Friday, May 06, 2011

Quick review of the 2011 9-5 Turbo4

I had promised this long ago but never had a chance to get a decent drive in one of these so that I could render an opinion. Well, this morning I went for a bit of a drive, and having spent a lot of time in a 9-5 recently, it was easier to focus on the difference between the Turbo4 and the Aero version.

This Turbo4 car had an automatic, 18” wheels and otherwise was pretty basic. The differences between the Turbo4 and Aero lie in the powerplant and the suspension, and both differences were very apparent. I love the engine in the Turbo4. It has a lot of low end grunt, much like the old 2.3 in the old 9-5, and launches much better that the 2.0T in the 9-3. Throttle response is excellent and there is terrific lunge from a dead-stop. The engine is exceptionally smooth and quiet, with a nice growl under heavy load. Gone from the old 9-5 is the shudder and vibration at idle, which I no longer notice in old 9-5’s, but whose absence was discernable in the new car. The engine and transmission work very nicely together, and the transmission shifts are very smooth and require only modest pedal application when a downshift is sought. Mid-range surge is very good, perhaps better than expected. Above 50 it starts to feel a little winded, but overall I find this combination delightful. Saab drivers of old will feel very much at home. I now want to find one with a manual transmission, which I’m sure I’ll like even more.

I can’t rave as much regarding the change in suspension. The difference is significant and I noted it immediately. I liked the Aero DriveSense in comfort mode, which is what I had hoped this car would feel like. I didn’t. It’s not bad, and compared with the previous 9-5, it still feels much more buttoned-down, though not nearly as tight, refined and precise as the Aero. Handling seemed fine, it’s more the way that Aero seemed to absorb road imperfections and recover much more quickly than Turbo4 which left me wanting, as other reviewers have mentioned, that Turbo4 be fitted with the same suspension as the Aero. Again, it’s not terrible. If I had never driven the Aero and was only comparing Turbo4 with the previous car, or other contemporary cars, I’d say it acquitted itself just fine.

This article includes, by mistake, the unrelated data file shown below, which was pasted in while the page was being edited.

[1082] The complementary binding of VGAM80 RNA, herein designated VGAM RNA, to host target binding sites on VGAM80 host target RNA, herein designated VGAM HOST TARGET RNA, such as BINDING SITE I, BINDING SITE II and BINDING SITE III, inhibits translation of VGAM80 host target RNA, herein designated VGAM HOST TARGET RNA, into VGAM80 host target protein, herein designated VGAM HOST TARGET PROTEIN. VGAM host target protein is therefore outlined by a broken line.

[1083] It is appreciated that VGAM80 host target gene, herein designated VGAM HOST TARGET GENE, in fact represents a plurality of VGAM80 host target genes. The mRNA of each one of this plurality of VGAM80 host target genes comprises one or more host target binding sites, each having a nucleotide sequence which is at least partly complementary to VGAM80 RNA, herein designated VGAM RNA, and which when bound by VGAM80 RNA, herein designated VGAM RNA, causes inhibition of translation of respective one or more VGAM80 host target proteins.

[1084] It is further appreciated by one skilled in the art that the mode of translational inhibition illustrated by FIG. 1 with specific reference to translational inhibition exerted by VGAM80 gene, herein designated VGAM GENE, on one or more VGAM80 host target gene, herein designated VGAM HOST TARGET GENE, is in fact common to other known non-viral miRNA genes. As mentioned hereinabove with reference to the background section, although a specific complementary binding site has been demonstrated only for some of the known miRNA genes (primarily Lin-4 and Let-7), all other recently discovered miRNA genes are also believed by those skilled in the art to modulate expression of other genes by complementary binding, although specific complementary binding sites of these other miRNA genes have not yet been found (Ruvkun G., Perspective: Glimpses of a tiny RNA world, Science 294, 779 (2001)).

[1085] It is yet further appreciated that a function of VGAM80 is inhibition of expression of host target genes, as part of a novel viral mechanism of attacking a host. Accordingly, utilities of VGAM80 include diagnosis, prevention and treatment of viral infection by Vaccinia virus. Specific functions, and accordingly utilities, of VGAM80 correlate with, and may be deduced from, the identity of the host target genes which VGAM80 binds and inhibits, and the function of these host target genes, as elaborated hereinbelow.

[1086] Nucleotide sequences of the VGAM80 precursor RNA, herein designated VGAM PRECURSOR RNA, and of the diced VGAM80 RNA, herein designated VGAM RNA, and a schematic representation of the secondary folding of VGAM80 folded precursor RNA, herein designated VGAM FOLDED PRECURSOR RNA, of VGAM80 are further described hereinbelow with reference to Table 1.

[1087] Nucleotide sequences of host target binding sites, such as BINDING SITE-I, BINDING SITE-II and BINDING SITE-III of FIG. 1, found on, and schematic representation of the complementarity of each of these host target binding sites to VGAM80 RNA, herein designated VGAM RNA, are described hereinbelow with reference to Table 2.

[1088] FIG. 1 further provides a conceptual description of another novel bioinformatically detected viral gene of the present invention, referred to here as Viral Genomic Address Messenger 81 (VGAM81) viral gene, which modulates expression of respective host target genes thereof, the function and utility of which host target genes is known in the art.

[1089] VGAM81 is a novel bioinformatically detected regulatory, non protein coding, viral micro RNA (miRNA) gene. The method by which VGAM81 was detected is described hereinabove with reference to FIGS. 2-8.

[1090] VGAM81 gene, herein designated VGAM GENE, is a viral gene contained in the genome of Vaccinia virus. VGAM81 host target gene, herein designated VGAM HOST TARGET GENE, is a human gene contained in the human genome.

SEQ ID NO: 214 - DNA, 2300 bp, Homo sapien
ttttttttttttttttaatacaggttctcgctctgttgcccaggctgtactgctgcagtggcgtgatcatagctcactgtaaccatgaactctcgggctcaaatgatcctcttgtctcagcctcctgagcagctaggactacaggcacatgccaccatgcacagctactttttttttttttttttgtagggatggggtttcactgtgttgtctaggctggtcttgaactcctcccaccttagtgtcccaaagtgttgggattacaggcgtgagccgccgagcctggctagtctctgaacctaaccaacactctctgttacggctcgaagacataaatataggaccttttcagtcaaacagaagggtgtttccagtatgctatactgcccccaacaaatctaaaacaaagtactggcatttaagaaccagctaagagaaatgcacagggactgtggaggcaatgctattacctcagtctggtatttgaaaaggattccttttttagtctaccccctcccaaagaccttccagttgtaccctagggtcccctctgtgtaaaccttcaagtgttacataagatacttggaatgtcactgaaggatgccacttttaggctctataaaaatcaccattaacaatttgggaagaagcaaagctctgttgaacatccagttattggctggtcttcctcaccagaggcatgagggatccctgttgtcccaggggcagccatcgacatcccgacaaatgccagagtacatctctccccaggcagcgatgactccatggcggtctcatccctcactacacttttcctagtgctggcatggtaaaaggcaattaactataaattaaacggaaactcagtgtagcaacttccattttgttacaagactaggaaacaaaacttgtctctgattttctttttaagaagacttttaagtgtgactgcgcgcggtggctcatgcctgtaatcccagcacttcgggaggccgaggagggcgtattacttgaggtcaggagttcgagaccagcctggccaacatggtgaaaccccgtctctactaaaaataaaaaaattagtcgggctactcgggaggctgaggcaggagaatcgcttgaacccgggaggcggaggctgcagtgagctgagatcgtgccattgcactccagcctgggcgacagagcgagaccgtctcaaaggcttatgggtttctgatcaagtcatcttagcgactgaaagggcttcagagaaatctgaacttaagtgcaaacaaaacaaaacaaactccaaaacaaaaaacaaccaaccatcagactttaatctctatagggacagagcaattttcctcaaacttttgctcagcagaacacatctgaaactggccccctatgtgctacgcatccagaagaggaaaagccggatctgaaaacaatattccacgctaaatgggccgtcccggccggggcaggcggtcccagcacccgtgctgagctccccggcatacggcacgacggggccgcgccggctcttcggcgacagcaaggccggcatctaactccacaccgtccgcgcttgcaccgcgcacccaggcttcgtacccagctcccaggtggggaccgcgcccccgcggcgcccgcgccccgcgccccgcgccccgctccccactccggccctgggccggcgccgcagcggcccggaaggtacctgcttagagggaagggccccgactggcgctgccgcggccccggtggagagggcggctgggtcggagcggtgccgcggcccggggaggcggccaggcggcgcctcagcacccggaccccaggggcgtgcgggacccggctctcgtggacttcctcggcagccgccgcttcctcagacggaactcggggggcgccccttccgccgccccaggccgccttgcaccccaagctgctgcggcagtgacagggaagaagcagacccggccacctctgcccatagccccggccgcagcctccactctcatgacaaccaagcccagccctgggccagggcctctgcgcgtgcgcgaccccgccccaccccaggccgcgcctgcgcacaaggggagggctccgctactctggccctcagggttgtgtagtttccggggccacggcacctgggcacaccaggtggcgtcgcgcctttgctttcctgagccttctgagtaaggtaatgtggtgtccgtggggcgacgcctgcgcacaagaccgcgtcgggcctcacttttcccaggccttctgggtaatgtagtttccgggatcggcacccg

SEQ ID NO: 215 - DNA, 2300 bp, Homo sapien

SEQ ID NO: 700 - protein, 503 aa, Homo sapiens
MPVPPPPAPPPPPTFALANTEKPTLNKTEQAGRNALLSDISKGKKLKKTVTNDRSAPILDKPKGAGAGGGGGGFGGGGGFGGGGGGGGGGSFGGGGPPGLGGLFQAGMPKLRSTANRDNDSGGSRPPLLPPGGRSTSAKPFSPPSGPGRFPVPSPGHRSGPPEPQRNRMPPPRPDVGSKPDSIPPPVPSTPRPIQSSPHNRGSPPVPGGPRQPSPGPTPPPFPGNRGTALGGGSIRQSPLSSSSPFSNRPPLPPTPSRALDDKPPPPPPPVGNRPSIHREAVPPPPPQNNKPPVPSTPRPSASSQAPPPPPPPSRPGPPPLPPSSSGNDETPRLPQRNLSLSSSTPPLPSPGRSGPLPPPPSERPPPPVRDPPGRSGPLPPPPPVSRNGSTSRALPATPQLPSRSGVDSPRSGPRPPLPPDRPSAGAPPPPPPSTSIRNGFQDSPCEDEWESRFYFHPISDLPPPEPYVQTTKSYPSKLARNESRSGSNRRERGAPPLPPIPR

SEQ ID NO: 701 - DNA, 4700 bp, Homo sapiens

I won’t get into other details. I’ve written that all before. Verdict? Thumbs up from me. Given that I still like to row my own gears (pending my roadtest of a manual transmission version), and love the engine in the Turbo4, and am not prone to feeling the need for AWD, I would likely choose the Turbo4 if I were to buy a 9-5 today. I am concerned with the low mileage estimate, with the EPA giving the four cylinder only a one mpg advantage over the Aero, which I find hard to believe. I got great highway mileage on my NY trek in the Aero—28.5 mpg. Am I to believe that with two fewer cylinders, less weight and half the driveline, that I’d otherwise only have averaged 29.5?

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